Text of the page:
The Consul at Geneva (Gilbert) to the Secretary of State
[Received August 1—12:55 p.m.]
225. The European press this morning stated that the President of the Council88 had despatched telegrams to the Governments of Bolivia and Paraguay in the matter of the Bolivian-Paraguayan dispute, the statements conveying the intimation that the Council had “intervened”.
I learned from the Acting Secretary General (Sugimura) that the foregoing is not precisely the case. I find, however, that beginning with the date July 21 certain correspondence has taken place between the League and the two Governments parties to the dispute. This correspondence consists in the order of the dates:
- Letter from the Bolivian delegate89 to the Secretary General citing certain acts of military aggression. “This letter was transmitted to the delegate of Paraguay”;90
- Letter from the delegate of Paraguay denying the allegations of Bolivia and making counter charges;
- Letter from the President of the Council to the Secretary General deploring the situation and expressing the hope that the efforts being made by American states to settle the matter may be successful and requesting the two Governments to assist these efforts (this letter the Acting Secretary General has forwarded to the delegates of Bolivia and Paraguay and it is understood that they are telegraphing it to their Governments);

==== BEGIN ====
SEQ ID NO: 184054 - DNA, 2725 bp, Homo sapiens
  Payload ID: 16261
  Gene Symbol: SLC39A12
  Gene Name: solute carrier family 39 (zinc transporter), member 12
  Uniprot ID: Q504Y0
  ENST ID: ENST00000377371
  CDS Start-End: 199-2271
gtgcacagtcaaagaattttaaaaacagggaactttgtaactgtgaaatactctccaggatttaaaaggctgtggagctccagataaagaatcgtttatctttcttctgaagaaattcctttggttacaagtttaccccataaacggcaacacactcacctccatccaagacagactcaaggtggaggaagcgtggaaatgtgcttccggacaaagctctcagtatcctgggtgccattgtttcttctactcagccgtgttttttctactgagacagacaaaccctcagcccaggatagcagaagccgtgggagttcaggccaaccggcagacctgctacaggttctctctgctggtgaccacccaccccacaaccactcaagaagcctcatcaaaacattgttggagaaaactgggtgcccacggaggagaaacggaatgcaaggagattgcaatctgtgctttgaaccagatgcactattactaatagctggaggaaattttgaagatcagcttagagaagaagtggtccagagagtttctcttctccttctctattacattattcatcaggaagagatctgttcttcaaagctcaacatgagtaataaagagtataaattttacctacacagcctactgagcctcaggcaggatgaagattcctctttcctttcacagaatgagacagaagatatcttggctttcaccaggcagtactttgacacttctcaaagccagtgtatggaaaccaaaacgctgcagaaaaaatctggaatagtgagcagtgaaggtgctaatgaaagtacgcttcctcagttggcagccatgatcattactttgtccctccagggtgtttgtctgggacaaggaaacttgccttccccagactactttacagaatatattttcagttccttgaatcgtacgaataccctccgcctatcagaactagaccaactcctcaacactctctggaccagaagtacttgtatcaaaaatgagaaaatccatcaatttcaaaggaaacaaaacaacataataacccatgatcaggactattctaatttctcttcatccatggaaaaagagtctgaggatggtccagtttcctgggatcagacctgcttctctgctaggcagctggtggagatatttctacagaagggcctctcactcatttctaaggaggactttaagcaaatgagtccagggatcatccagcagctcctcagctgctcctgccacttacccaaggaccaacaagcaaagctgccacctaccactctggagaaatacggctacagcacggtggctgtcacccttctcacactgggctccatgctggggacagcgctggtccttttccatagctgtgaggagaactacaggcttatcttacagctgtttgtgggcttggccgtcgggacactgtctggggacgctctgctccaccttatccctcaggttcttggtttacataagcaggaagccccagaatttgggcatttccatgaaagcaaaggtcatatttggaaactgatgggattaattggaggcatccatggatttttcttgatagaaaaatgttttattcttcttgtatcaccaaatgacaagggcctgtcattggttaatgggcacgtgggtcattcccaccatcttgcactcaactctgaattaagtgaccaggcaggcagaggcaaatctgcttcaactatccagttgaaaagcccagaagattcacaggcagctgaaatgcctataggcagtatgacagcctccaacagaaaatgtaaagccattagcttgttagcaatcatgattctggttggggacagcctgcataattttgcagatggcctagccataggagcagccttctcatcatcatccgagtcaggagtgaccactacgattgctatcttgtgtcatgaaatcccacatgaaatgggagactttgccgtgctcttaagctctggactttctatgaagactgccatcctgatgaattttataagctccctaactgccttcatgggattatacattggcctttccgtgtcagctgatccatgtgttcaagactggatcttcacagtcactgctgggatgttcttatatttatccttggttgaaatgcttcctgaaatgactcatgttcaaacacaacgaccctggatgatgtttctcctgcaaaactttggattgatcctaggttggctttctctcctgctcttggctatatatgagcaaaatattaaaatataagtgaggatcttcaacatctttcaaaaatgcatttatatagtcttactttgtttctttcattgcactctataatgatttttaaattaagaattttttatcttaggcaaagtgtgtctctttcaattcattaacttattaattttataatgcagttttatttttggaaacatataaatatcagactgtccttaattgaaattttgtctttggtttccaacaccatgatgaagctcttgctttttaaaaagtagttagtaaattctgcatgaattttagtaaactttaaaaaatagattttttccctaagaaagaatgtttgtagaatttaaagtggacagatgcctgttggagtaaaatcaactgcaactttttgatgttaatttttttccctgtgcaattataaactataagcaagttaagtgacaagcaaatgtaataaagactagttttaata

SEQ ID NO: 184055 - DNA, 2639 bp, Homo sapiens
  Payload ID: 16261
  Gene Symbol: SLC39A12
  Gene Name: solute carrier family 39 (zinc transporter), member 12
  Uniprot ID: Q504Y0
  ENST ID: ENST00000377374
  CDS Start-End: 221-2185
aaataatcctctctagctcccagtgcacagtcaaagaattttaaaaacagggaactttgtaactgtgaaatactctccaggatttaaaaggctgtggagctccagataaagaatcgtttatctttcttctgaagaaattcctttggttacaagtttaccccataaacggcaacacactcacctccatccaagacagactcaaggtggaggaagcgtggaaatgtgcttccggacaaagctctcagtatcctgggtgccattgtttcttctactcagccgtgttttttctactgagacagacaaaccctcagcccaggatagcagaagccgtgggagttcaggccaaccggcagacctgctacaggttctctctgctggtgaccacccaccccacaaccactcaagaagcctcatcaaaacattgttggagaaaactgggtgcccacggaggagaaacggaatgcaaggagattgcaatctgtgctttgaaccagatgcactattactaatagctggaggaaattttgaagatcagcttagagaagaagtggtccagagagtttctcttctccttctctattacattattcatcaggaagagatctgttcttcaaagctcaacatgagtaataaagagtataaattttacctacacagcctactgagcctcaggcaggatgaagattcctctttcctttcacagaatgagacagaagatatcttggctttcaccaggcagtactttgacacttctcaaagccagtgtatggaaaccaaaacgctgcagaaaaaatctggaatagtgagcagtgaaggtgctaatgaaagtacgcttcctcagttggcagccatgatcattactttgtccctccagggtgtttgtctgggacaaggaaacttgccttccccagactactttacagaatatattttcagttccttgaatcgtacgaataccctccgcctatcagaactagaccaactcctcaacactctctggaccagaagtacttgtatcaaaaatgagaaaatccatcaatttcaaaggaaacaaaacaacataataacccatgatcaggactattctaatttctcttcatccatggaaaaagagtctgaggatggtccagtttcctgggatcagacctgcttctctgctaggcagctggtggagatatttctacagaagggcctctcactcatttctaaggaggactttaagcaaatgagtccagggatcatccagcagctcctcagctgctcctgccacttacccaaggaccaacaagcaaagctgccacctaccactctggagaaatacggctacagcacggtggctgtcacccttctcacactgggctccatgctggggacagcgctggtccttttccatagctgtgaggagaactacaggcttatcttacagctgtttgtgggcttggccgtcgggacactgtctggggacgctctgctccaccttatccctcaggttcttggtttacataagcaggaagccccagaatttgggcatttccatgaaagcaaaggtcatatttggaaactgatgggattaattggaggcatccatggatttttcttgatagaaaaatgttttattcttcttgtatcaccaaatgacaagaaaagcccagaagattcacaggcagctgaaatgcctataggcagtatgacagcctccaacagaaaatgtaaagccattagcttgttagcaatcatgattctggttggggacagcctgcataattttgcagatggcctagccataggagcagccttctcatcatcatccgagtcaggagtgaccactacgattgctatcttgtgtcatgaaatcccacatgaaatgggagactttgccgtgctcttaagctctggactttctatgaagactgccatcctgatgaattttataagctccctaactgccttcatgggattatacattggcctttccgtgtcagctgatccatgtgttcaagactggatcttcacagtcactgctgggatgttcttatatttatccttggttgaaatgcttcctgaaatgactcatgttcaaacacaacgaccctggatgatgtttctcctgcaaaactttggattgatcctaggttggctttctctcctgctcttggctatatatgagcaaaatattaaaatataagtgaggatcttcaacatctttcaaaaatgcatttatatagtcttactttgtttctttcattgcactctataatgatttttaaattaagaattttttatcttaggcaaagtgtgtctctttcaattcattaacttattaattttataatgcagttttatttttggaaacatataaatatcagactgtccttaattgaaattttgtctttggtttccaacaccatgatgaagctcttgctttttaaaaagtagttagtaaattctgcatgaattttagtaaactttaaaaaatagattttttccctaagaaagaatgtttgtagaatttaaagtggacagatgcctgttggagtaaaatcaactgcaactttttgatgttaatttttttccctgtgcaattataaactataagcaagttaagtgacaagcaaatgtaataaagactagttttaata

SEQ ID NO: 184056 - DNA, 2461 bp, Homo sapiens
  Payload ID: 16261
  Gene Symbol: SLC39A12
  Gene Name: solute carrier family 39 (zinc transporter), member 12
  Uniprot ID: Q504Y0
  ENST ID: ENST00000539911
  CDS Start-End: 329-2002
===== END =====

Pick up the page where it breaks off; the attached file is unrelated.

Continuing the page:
- A letter from the representative of Paraguay citing further aggressive acts on the part of Bolivia.
No action has yet been taken either through an “appeal” by Bolivia or Paraguay or by “request” by state member of the League whereby the Council is yet “seized” of this matter.
This entire exchange of correspondence has been strictly confidential and made available only to members of the Council. The League policy in this is not to intervene or to take steps which might interfere with measures already being taken by American states.
The Acting Secretary General stated to me informally that he would appreciate any information on the matter which the United States Government might desire to furnish.
I am mailing today the correspondence cited and I would appreciate instructions as to whether texts of this or further pertinent correspondence are desired by telegraph.